340 of 343 people found the following review helpful
Great mid-range AV Receiver with more than most others,
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This review is from: Onkyo TX - NR609 7.2 Channel Network THX Certified A/V Receiver (Electronics)I upgraded from an old non-HDMI Yamaha HTR-5850.
I looked at the following:
- Onkyo TX-SR608
- Denon AVR-1911
- Pioneer VSX-1020-K
- Pioneer VSX-1021-K
- Yamaha RX-V667
- A few others
- Onkyo HT-RC360 is also a very similar one that merits comparison, esp. with the price.
- Box was well packaged.
- Easy to connect right out of the box. I have a simple 5.1 set up, but even the 7.2 seems easy enough. Plenty of space between things, except the power cord seems to be in a slightly awkward location, but definitely not a game changer or something to lose more than 5 minutes thought to.
- Plenty of ports (more on that below).
- Very nice and mostly intuitive GUI OSD. I am one of those guys who does not read the manual unless I have to, and the only time I had to was knowing how to program in a radio station.
- Remote is just ok. Could use a heavier feel to it and a better explanation of what things do. I got used to it or use my iPhone remote (more on that below too).
Pros of this one:
- 6x HDMI inputs, one in front, one output.
- Network capable. I use Pandora A LOT and it integrates nicely, but it has many other internet music capabilities.
- Nice On Screen Display (OSD) of its GUI (Graphical User Interface).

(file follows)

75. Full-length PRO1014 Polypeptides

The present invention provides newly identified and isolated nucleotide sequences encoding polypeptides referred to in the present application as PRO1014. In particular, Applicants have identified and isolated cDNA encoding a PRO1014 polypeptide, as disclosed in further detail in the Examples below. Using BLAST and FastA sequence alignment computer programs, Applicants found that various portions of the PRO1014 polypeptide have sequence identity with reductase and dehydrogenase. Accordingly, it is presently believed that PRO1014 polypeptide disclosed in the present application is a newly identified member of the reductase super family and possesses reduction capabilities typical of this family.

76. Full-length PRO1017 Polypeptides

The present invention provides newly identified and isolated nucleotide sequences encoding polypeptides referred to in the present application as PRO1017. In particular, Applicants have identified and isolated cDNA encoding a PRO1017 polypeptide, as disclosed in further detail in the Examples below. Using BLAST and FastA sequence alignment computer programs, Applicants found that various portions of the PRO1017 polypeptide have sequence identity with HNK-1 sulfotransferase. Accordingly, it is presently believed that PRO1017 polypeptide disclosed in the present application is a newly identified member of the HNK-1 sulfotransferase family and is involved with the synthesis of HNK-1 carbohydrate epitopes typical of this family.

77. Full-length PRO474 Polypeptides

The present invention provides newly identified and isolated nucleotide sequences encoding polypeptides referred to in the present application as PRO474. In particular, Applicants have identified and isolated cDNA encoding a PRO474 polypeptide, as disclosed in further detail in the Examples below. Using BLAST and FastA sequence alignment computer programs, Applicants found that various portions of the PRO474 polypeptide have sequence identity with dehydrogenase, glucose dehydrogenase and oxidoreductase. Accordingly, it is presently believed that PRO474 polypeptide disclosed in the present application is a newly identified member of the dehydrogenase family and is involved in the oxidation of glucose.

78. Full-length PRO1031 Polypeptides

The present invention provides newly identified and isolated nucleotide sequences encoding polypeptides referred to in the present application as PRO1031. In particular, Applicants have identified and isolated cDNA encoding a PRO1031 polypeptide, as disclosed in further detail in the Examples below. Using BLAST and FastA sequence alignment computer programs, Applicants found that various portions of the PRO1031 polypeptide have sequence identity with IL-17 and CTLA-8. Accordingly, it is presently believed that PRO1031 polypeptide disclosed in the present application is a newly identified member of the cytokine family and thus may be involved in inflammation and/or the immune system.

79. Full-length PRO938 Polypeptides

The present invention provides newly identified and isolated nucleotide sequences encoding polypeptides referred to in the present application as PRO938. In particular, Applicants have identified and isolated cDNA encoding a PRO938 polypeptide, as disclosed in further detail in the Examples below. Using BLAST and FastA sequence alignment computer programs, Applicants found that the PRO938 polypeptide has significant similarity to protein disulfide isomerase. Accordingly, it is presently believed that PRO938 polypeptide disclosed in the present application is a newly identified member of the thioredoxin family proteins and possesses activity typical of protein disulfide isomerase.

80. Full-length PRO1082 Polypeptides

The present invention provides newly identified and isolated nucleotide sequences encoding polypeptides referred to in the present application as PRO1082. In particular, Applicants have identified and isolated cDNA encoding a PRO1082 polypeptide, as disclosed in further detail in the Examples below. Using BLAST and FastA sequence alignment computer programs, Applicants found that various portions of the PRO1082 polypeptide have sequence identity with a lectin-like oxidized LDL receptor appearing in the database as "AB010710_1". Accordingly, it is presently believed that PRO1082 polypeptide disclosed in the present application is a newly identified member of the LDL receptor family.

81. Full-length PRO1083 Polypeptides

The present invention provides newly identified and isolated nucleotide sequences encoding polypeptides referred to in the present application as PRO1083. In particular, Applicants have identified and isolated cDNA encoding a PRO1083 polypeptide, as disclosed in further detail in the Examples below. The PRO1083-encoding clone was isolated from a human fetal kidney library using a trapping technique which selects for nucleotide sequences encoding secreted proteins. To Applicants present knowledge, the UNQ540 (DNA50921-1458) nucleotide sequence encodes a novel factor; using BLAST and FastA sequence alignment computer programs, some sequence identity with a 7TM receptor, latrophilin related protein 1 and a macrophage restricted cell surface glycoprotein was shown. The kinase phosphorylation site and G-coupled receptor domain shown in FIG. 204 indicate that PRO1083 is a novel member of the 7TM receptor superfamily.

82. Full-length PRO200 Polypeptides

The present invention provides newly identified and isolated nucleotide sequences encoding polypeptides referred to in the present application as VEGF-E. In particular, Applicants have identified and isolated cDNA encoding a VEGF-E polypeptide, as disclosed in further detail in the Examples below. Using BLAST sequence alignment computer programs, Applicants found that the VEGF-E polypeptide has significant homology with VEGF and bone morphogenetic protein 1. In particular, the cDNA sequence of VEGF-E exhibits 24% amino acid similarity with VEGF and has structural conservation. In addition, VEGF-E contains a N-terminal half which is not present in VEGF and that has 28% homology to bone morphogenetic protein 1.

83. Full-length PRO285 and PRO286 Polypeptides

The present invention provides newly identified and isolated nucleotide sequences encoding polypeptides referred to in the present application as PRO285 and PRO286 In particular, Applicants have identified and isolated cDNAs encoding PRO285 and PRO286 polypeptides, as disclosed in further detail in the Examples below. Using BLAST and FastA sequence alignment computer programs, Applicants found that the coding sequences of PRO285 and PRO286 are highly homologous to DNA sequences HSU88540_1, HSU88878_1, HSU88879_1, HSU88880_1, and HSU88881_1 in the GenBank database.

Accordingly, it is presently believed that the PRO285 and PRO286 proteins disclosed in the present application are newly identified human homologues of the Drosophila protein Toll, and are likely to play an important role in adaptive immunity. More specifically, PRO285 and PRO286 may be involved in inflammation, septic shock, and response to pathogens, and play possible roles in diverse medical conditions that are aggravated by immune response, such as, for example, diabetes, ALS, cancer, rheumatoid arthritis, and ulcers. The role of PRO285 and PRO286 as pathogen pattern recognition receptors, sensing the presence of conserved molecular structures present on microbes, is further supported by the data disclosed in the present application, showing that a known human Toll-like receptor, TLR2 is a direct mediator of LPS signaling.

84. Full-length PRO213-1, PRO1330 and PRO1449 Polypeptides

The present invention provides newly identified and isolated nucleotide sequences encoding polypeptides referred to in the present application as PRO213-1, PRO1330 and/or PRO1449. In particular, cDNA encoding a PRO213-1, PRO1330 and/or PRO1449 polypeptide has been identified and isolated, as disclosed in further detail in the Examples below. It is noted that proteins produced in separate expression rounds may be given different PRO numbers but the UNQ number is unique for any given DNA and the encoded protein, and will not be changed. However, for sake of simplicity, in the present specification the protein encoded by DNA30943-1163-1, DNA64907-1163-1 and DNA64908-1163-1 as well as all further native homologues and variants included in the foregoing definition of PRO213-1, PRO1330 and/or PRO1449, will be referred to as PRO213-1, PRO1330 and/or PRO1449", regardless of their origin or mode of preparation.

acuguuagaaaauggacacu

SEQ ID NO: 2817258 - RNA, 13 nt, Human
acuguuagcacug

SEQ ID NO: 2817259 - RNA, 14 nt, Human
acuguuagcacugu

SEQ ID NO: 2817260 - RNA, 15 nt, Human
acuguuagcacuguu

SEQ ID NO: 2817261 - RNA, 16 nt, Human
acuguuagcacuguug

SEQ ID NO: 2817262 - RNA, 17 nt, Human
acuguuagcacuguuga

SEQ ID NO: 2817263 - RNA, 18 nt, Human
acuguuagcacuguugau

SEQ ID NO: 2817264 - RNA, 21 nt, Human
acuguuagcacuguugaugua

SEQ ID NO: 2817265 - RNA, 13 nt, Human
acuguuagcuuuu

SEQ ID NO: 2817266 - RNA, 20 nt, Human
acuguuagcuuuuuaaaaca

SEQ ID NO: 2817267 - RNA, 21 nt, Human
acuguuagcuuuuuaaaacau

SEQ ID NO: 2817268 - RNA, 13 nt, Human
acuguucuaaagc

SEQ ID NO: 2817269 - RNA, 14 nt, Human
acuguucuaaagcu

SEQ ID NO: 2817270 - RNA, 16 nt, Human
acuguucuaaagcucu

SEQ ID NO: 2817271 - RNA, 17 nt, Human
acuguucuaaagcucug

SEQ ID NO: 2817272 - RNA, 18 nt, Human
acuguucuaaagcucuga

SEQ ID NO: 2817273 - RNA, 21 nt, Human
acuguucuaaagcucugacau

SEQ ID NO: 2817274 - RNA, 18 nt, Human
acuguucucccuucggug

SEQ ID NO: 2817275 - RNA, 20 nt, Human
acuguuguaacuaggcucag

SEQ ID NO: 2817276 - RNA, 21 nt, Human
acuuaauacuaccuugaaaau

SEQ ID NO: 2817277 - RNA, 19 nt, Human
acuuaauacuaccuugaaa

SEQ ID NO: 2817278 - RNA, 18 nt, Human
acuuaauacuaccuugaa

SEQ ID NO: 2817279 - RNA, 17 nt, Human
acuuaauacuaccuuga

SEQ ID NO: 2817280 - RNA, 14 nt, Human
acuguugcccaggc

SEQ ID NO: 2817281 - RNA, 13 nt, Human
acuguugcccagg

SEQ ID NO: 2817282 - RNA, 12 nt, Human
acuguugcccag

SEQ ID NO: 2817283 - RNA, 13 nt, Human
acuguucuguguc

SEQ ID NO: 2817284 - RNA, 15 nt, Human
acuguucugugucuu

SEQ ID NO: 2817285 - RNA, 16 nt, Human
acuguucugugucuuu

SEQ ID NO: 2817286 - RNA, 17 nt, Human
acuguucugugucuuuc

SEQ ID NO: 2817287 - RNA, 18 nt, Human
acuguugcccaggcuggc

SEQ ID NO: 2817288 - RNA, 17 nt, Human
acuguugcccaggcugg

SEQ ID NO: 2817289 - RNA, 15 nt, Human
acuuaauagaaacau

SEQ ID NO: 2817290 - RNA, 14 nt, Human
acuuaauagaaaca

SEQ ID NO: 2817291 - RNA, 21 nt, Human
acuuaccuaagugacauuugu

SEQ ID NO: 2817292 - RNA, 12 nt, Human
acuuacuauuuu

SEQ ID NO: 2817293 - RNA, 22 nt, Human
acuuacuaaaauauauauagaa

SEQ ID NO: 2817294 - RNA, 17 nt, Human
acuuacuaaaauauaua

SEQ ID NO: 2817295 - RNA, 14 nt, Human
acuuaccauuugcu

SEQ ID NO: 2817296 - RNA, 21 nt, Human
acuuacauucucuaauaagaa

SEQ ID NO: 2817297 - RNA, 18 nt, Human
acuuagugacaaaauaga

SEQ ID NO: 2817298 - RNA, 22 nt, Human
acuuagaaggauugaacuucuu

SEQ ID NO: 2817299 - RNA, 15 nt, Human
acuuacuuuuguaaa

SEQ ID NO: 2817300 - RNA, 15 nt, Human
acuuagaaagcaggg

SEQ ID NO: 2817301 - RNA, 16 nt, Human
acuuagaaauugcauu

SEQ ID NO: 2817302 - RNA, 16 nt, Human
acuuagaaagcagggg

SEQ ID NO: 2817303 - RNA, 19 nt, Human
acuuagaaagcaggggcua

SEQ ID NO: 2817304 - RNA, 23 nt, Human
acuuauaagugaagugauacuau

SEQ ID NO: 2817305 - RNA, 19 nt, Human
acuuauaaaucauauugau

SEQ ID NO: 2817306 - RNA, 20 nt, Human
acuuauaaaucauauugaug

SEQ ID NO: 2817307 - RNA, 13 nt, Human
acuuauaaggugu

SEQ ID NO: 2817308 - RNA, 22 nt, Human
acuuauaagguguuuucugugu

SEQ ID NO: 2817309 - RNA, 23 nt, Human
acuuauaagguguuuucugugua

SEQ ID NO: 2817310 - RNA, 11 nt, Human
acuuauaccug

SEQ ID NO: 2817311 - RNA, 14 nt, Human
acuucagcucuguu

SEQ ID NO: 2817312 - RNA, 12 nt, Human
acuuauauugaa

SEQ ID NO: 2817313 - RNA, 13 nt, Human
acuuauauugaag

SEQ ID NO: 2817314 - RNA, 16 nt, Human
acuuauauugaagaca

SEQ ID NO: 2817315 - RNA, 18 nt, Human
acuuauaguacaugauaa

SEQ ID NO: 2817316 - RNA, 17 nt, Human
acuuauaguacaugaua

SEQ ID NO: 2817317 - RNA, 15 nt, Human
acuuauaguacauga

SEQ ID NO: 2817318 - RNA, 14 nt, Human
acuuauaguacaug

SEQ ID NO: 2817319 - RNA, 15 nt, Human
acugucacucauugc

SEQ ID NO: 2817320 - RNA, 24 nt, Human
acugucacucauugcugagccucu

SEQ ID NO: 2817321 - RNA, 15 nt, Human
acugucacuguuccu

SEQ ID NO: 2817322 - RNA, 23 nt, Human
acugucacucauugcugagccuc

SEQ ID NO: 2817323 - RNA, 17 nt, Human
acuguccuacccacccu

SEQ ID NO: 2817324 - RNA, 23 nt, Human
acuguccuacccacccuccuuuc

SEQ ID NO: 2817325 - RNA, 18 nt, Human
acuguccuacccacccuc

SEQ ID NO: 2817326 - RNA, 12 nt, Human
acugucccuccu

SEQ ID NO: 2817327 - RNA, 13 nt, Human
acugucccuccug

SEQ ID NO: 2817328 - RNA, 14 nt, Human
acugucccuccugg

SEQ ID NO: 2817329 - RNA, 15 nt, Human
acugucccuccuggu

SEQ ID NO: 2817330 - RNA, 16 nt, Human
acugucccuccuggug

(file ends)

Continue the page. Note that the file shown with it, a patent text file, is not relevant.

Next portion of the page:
- 4K Support Via Marvell Qdeo (3840 x 2160 resolution vs 1920 x 1080, though most TVs do not support this, yet...).
- iPhone/iPad control app (give it a sec, I have more to say on this below).
- All the standard HDMI 1.4 features (HDMI stand by pass-through, 3D, Audio Return Channel).
- Powered Zone 2 audio out.
- iPhone/iPod connectivity right out of the box via your standard USB cable in the front (no need for an additional (more money) port, though one is available: Onkyo UP-A1 Dock for the iPod).
- PC VGA In (but really, most have HDMI out now anyway).
- Optional Onkyo UP-HT1 HD Radio Tuner.
- Superb Audio quality.
- Superb Video up-conversion. I took an old DVD and set the output to 480i (standard definition) and let the Receiver up-convert it. Then compared it to the output from my PS3 at 1080 as well as an old HD DVD player (lol) and a standalone DVD player with 1080 upconversion and this receiver just blew it away. (Note: on a 50inch top of the line Sony TV.)
- DLNA (for connecting to a home media system or a PC with music).
- THX certification (just for show for me and the cool factor as I could not tell much difference).
- Of course it does Dolby TrueHD and DTS-HD MA and all the other standard decoders.
- Ability to upgrade firmware via internet easily.
Cons of this one:
- No built-in HD Radio.
- No built-in AirPlay (like some Denon and the Pioneer VSX-1021-k).
- No video out for Zone 2.
- No PC control.
A few things to note:
- The iPhone remote is a bit lacking. It does your basic things you expect it to: control the station, input, turn it on/off, change music from Pandora/DLNA/iPod connected/etc., but the volume could use some work and the ability to control bass/treble as big buttons instead of the volume is useless. Two things I wish this had: The ability to vote for Pandora or any such interaction and the ability to fine tune the audio levels of each speaker. Connecting it is easy and it is pretty simple to use. Very nice bonus.